What is Democracy?
(Canada, 107 min.)
Dir. Astra Taylor
If Astra Taylor wanted to find some easy answers, she could have travelled the world and asked people, “What is a lemon?” Her interviews might have yielded answers such as: “It’s that yellow fruit,” or “It’s a tangy citrus,” or “It’s the basis of lemonade,” or “It’s that thing I slice into wedges and serve with a vodka tonic.” Those answers would all be fair, but even then, someone would have inevitably responded, “It’s that thing I slice into wedges and serve with a gin and tonic.” That interviewee would, of course, be wrong, but in a free and democratic society, people are free to garnish their cocktails with whatever they like. In a democracy, the majority of the people (hypothetically) set the course while the people in the minority inspire others to question it.
Taylor isn’t really looking for answers. She’s more interested in questions. Her approach to the thought-provoking What is Democracy? suggests that she thinks democracy works (ish), but that it has a lot of kinks that need working out. Taylor asks everyone she encounters what they find democracy to be and gives equal weight to a wide-ranging roster of participants. By surveying the field and including the opinions of people from various social, cultural, and economic backgrounds, there is something inherently democratic about her process.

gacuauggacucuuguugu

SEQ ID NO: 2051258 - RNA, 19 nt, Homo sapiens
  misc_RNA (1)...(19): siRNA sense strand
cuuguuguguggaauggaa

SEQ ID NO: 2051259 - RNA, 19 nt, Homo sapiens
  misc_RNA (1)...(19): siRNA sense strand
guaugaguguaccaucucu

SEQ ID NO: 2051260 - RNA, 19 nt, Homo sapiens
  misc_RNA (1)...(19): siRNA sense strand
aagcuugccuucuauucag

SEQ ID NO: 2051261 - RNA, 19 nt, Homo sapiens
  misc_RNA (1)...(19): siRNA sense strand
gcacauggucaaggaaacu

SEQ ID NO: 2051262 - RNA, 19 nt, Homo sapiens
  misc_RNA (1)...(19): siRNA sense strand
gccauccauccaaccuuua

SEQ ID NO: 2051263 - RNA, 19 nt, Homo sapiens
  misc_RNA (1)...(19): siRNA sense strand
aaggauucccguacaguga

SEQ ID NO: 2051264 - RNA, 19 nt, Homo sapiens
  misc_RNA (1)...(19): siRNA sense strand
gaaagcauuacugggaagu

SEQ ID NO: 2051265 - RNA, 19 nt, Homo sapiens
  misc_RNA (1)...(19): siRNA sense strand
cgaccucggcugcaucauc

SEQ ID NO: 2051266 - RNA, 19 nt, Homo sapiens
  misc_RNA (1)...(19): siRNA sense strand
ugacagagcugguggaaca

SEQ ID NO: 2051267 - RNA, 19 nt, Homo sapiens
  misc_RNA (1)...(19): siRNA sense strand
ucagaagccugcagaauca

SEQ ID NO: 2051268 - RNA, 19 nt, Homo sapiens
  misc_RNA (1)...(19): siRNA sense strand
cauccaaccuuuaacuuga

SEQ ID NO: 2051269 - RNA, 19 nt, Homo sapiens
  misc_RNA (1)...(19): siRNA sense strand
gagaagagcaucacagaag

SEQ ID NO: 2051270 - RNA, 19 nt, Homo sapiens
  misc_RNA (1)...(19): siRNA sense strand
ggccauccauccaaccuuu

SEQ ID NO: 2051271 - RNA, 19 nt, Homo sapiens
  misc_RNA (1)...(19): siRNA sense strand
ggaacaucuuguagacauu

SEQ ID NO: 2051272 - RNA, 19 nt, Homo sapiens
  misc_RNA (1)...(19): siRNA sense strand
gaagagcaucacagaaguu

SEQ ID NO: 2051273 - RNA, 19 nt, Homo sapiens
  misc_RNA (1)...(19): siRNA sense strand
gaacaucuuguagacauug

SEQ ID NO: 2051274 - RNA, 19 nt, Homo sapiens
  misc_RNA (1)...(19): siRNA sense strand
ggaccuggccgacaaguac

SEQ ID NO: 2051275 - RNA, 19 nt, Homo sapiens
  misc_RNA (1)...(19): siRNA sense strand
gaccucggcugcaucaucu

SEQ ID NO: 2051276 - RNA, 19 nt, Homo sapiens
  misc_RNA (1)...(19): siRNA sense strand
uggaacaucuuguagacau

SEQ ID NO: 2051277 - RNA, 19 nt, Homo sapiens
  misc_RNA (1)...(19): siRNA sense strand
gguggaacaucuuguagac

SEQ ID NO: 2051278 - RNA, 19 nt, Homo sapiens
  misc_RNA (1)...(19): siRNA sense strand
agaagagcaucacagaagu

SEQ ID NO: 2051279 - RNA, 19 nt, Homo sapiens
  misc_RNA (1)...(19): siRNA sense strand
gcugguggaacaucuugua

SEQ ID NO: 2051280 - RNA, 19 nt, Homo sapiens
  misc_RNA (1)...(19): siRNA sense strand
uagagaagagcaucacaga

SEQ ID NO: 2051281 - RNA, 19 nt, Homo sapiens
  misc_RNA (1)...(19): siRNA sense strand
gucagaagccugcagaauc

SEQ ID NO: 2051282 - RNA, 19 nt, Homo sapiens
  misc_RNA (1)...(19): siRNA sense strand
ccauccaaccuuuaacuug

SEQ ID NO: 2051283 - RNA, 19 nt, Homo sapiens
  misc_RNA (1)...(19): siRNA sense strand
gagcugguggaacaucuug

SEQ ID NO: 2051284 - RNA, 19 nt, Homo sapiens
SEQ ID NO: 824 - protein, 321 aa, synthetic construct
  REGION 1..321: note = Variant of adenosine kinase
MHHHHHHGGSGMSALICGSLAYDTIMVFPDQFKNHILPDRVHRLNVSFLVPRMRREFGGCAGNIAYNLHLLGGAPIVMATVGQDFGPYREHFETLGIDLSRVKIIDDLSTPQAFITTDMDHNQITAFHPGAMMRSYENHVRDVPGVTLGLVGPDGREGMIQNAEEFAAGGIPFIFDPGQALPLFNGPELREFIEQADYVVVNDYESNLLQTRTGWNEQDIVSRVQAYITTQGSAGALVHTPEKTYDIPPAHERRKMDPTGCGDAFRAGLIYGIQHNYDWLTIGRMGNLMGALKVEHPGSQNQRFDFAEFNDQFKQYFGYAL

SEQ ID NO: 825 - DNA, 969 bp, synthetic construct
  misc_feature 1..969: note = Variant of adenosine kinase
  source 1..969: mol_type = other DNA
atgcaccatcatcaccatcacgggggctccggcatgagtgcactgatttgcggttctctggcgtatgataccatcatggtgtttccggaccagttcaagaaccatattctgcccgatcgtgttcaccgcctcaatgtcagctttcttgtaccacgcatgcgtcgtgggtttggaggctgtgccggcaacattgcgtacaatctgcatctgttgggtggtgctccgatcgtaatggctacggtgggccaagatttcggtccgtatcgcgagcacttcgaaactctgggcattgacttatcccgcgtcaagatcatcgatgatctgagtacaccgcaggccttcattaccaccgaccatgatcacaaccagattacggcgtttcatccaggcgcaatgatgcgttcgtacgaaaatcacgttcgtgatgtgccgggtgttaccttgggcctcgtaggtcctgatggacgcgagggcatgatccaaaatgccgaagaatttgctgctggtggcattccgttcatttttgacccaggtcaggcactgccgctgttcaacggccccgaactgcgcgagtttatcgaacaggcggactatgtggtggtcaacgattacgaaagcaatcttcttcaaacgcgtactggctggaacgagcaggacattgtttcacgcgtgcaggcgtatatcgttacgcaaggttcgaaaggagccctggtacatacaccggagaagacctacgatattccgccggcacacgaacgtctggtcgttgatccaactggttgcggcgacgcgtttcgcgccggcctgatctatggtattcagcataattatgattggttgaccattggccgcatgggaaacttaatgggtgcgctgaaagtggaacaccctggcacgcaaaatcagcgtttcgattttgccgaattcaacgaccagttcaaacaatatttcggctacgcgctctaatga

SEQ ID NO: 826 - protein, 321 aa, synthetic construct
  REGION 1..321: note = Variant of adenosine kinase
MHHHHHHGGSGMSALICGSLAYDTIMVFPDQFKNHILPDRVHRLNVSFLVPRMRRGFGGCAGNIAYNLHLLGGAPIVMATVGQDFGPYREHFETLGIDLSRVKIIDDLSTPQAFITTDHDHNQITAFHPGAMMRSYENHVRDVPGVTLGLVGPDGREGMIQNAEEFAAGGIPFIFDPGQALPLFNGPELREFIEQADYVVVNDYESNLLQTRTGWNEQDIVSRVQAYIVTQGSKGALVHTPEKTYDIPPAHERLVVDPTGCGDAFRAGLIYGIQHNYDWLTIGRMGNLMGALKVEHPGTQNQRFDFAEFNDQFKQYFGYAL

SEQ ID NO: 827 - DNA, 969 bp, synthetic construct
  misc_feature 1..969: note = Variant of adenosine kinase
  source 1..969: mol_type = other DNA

What is Democracy? sees Taylor adopt a Socratic line of questioning to the film’s titular query. The film visits hallowed grounds of social movements as Taylor goes to Athens to wax philosophical with some deep thinkers in the birthplace of democracy. She ponders the evolution of capitalism while analyzing Italian frescoes with Silvia Federici. In the USA, she visits a barbershop where an ex-con unpacks the permutations of enslavement that allow a powerful nation to perpetuate a practice that many people thought was abolished over 150 years ago. In classrooms, Taylor chats with students about the implications of cold lunches and deadbeat teachers, while conversations with emergency room physicians unpack the social inequalities that breed violence in a capitalist society. Circle back to Greece and she finds stories about democracy turned inside out when the people voted against a bailout from the European Union only to have their elected leaders ignore the majority. Refugees, also in Greece, find themselves stranded between death by tyrannical militants in Syria and the purgatory created by the exclusionary practices of a democratic society dealing with the mess it made.